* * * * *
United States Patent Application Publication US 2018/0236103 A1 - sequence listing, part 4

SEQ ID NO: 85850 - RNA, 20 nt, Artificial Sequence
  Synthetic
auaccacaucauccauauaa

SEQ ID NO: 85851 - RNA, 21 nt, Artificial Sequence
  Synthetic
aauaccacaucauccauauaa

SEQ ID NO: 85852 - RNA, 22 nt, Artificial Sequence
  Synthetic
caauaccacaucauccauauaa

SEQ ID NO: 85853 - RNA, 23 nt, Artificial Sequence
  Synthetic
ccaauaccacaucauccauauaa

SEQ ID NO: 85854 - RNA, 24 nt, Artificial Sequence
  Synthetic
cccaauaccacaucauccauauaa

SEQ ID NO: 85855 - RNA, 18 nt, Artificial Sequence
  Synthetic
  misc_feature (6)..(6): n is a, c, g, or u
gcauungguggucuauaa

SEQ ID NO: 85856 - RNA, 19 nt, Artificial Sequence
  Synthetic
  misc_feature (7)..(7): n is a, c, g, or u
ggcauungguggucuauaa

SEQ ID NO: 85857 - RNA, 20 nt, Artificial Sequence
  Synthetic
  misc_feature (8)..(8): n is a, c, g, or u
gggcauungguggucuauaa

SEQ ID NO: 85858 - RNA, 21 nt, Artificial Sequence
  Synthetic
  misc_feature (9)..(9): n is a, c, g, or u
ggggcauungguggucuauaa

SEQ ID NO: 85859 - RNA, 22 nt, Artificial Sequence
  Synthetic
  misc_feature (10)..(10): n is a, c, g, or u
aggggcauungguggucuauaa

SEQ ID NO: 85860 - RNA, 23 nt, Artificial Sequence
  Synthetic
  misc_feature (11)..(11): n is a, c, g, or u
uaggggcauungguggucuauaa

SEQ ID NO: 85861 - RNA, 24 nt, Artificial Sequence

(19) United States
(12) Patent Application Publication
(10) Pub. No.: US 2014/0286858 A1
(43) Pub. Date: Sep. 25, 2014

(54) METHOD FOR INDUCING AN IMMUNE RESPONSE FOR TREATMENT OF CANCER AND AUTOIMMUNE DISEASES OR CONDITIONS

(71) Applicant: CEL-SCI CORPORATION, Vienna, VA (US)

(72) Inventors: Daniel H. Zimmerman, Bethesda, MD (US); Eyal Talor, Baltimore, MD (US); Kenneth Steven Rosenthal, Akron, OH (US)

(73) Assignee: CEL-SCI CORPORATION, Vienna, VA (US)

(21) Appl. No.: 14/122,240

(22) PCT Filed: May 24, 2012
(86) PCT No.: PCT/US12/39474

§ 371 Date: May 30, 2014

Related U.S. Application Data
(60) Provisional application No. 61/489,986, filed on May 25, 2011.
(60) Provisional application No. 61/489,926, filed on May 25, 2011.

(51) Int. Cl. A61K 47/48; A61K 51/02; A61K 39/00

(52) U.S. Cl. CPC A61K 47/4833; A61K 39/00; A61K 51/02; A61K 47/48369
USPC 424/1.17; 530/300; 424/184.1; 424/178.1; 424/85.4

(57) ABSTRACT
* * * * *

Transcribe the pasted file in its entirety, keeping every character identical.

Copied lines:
United States Patent Application Publication US 2018/0236103 A1 - sequence listing, part 4

SEQ ID NO: 85850 - RNA, 20 nt, Artificial Sequence
  Synthetic
auaccacaucauccauauaa

SEQ ID NO: 85851 - RNA, 21 nt, Artificial Sequence
  Synthetic
aauaccacaucauccauauaa

SEQ ID NO: 85852 - RNA, 22 nt, Artificial Sequence
  Synthetic
caauaccacaucauccauauaa

SEQ ID NO: 85853 - RNA, 23 nt, Artificial Sequence
  Synthetic
ccaauaccacaucauccauauaa

SEQ ID NO: 85854 - RNA, 24 nt, Artificial Sequence
  Synthetic
cccaauaccacaucauccauauaa

SEQ ID NO: 85855 - RNA, 18 nt, Artificial Sequence
  Synthetic
  misc_feature (6)..(6): n is a, c, g, or u
gcauungguggucuauaa

SEQ ID NO: 85856 - RNA, 19 nt, Artificial Sequence
  Synthetic
  misc_feature (7)..(7): n is a, c, g, or u
ggcauungguggucuauaa

SEQ ID NO: 85857 - RNA, 20 nt, Artificial Sequence
  Synthetic
  misc_feature (8)..(8): n is a, c, g, or u
gggcauungguggucuauaa

SEQ ID NO: 85858 - RNA, 21 nt, Artificial Sequence
  Synthetic
  misc_feature (9)..(9): n is a, c, g, or u
ggggcauungguggucuauaa

SEQ ID NO: 85859 - RNA, 22 nt, Artificial Sequence
  Synthetic
  misc_feature (10)..(10): n is a, c, g, or u
aggggcauungguggucuauaa

SEQ ID NO: 85860 - RNA, 23 nt, Artificial Sequence
  Synthetic
  misc_feature (11)..(11): n is a, c, g, or u
uaggggcauungguggucuauaa

SEQ ID NO: 85861 - RNA, 24 nt, Artificial Sequence

(19) United States
(12) Patent Application Publication
(10) Pub. No.: US 2014/0286858 A1
(43) Pub. Date: Sep. 25, 2014

(54) METHOD FOR INDUCING AN IMMUNE RESPONSE FOR TREATMENT OF CANCER AND AUTOIMMUNE DISEASES OR CONDITIONS

(71) Applicant: CEL-SCI CORPORATION, Vienna, VA (US)

(72) Inventors: Daniel H. Zimmerman, Bethesda, MD (US); Eyal Talor, Baltimore, MD (US); Kenneth Steven Rosenthal, Akron, OH (US)

(73) Assignee: CEL-SCI CORPORATION, Vienna, VA (US)

(21) Appl. No.: 14/122,240

(22) PCT Filed: May 24, 2012
(86) PCT No.: PCT/US12/39474

§ 371 Date: May 30, 2014

Related U.S. Application Data
(60) Provisional application No. 61/489,986, filed on May 25, 2011.
(60) Provisional application No. 61/489,926, filed on May 25, 2011.

(51) Int. Cl. A61K 47/48; A61K 51/02; A61K 39/00

(52) U.S. Cl. CPC A61K 47/4833; A61K 39/00; A61K 51/02; A61K 47/48369
USPC 424/1.17; 530/300; 424/184.1; 424/178.1; 424/85.4

(57) ABSTRACT